Add information to your profile the way you would build a CV. Relevant work experience, accomplishments, and volunteer work are great. Hobbies and pet photos belong on more informal sites.
There are a few options to move past your profile. Join LinkedIn Groups to build relationships by participating in discussions. LinkedIn Pulse lets all users publish posts. If you have a business blog, this can be a good opportunity to syndicate your posts, add fresh material to your profile, and attract your connections to your website.
● Did you know WBENC has a LinkedIn page? Keep the conference energy going by connecting with colleagues.
LinkedIn is geared more toward fostering individual relationships than accruing a large number of followers. Aim to connect first with people you actually know, or hope to (this is a good next step for those connections you made at the WBENC conference or a recent RPO event!).
Instagram has leapt from a candid photo-sharing site to a powerful business tool. The company just released analytics tools, business profiles, and mobile ad creation within the app. Creative WBEs with a perfectionistic streak will get hooked on capturing (and filtering and editing!) the perfect image. With 18-34-year-olds making up the site’s main demographic, this social media tool is a must for businesses targeting a youthful market.
Strategies for Insta-Success
- Build a super-cohesive image. Pick one color palette and filter to make your images look sleek and curated.
- One to three posts per day is plenty. Most users prefer not to be “spammed” with half a dozen posts at a time.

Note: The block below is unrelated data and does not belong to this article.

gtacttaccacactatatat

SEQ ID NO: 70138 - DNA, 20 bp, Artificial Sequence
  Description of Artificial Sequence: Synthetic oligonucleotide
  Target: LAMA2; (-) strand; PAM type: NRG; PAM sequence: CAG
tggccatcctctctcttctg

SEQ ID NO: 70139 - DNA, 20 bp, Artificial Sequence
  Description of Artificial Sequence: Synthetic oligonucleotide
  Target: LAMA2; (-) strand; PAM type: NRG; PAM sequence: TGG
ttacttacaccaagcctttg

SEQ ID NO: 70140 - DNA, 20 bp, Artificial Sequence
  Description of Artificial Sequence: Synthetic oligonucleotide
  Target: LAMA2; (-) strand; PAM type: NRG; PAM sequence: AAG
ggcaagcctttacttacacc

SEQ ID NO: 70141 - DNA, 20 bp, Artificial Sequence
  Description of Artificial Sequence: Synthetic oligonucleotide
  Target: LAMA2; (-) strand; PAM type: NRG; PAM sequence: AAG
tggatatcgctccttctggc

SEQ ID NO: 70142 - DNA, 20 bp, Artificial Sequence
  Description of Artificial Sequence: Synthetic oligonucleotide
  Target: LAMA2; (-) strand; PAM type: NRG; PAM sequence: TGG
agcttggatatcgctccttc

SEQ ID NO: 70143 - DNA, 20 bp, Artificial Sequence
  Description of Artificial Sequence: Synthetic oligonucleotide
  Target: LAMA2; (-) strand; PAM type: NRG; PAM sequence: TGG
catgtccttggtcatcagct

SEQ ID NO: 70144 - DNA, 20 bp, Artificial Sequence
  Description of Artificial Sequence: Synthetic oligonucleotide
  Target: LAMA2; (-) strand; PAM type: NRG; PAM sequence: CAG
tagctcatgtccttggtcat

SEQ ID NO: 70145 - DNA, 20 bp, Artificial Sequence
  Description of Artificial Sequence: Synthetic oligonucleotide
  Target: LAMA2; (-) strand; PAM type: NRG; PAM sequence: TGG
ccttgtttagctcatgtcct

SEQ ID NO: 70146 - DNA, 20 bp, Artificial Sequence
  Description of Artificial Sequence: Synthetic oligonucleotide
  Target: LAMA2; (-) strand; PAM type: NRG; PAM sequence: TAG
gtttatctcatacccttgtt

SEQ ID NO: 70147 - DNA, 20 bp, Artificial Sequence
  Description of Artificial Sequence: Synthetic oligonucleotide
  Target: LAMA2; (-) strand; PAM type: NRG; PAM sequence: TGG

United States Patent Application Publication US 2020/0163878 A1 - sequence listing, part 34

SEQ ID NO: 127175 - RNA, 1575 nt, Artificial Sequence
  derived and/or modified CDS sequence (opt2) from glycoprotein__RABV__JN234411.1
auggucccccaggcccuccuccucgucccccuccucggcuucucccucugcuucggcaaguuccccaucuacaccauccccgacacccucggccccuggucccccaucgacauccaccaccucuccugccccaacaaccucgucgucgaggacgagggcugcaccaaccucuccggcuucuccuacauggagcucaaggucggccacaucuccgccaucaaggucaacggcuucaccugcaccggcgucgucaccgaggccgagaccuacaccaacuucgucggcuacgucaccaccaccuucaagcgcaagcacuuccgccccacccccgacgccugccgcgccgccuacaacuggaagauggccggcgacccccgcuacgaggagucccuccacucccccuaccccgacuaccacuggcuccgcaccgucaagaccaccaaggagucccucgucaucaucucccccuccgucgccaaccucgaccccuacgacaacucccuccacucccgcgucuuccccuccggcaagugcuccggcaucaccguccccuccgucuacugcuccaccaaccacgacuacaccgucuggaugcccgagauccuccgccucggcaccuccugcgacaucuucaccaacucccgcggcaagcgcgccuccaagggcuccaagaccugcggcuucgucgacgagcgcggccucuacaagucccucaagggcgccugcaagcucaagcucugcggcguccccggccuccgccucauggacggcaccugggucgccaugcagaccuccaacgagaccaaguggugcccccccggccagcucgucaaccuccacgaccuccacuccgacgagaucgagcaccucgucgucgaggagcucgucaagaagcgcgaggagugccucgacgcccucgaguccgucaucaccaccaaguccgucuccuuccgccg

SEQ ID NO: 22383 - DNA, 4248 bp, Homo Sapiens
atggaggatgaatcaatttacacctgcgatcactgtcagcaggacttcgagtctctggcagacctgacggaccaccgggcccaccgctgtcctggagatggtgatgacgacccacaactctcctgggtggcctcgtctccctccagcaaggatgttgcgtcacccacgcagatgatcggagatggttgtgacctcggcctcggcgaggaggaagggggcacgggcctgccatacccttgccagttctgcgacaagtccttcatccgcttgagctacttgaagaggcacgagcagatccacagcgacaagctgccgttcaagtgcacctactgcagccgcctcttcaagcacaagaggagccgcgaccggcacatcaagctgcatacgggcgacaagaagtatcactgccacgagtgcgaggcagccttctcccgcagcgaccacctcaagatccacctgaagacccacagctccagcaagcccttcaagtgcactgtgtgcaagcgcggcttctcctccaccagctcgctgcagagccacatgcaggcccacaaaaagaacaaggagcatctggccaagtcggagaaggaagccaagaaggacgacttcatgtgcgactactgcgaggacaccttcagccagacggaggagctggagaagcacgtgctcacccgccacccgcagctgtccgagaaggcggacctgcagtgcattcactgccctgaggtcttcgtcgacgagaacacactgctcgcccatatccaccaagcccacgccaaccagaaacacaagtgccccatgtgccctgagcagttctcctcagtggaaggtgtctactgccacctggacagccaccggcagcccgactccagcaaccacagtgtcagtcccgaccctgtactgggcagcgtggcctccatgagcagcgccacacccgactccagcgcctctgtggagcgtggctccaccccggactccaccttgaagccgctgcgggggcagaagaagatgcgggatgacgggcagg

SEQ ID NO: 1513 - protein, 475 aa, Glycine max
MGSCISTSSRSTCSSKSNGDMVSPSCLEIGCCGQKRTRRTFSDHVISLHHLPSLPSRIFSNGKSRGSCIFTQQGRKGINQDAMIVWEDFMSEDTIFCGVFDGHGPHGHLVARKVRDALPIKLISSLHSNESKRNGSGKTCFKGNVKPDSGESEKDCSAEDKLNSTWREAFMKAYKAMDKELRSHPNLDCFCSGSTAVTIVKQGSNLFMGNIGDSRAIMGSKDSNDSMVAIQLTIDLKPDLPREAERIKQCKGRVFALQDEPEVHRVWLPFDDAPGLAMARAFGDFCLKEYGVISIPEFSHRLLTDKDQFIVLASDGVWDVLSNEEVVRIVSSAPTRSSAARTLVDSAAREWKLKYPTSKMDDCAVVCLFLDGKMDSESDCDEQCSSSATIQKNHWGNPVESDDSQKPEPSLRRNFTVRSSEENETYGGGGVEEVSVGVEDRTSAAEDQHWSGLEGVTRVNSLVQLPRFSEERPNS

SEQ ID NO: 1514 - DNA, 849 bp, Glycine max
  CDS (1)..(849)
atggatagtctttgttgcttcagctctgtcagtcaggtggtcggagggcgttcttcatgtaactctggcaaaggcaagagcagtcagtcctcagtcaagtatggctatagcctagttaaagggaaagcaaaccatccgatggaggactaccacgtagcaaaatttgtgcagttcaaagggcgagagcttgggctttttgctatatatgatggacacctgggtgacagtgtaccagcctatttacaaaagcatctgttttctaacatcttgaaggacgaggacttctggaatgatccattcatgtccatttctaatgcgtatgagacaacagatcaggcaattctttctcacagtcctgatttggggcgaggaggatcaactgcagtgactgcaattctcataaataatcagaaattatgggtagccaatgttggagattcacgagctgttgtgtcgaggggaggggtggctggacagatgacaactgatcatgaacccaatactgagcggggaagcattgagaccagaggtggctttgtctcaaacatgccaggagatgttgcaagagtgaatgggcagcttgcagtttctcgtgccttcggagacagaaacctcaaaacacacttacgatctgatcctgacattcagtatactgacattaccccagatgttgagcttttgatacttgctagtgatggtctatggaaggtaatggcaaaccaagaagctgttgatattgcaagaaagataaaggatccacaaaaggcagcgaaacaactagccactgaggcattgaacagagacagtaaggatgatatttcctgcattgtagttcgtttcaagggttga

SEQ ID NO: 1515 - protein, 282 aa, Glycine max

- Make images feel immediate. Instagram users gravitate toward beautiful shots that still keep a candid, serendipitous feel.
If you dismiss Pinterest as a site for fantasy wedding daydreamers, you could be ignoring a major business opportunity. Pinterest thrives on aspirational domestic lifestyle ideas: food, entertaining, gardening, and home decor are popular topics. If your business is product-oriented and ties into any of these fields, you could have a massive market at your fingertips.
Pinterest Success in Two Steps
- Use boards to guide customers to their favorite products. A baby clothing company may divide products by season, gender, and style (rompers, newborn essentials, dress clothes, headbands). A frozen veggie seller could feature boards with 20-minute, gluten-free, or kid-approved recipes, as well as ideas for every vegetable in the garden.
- Tie in your customers’ favorite hobbies. If you’re a stationery designer, did you know that bullet journaling is taking off? A board full of beautifully designed to-do lists may be just the ticket to get customers excited about their next purchase.
Pinterest also offers buyable Pins. Businesses selling through BigCommerce, Shopify, Magento, IBM Commerce, and Demandware can share Pins with a blue price that users can buy without leaving Pinterest. Other sales platforms may offer buyable Pins in the future. As always, though, clicking a Pin can take a user to a business’s website, so sharing your merchandise through Pinterest may attract customers.
Which social media accounts do you use for your business? Which do you want to learn more about?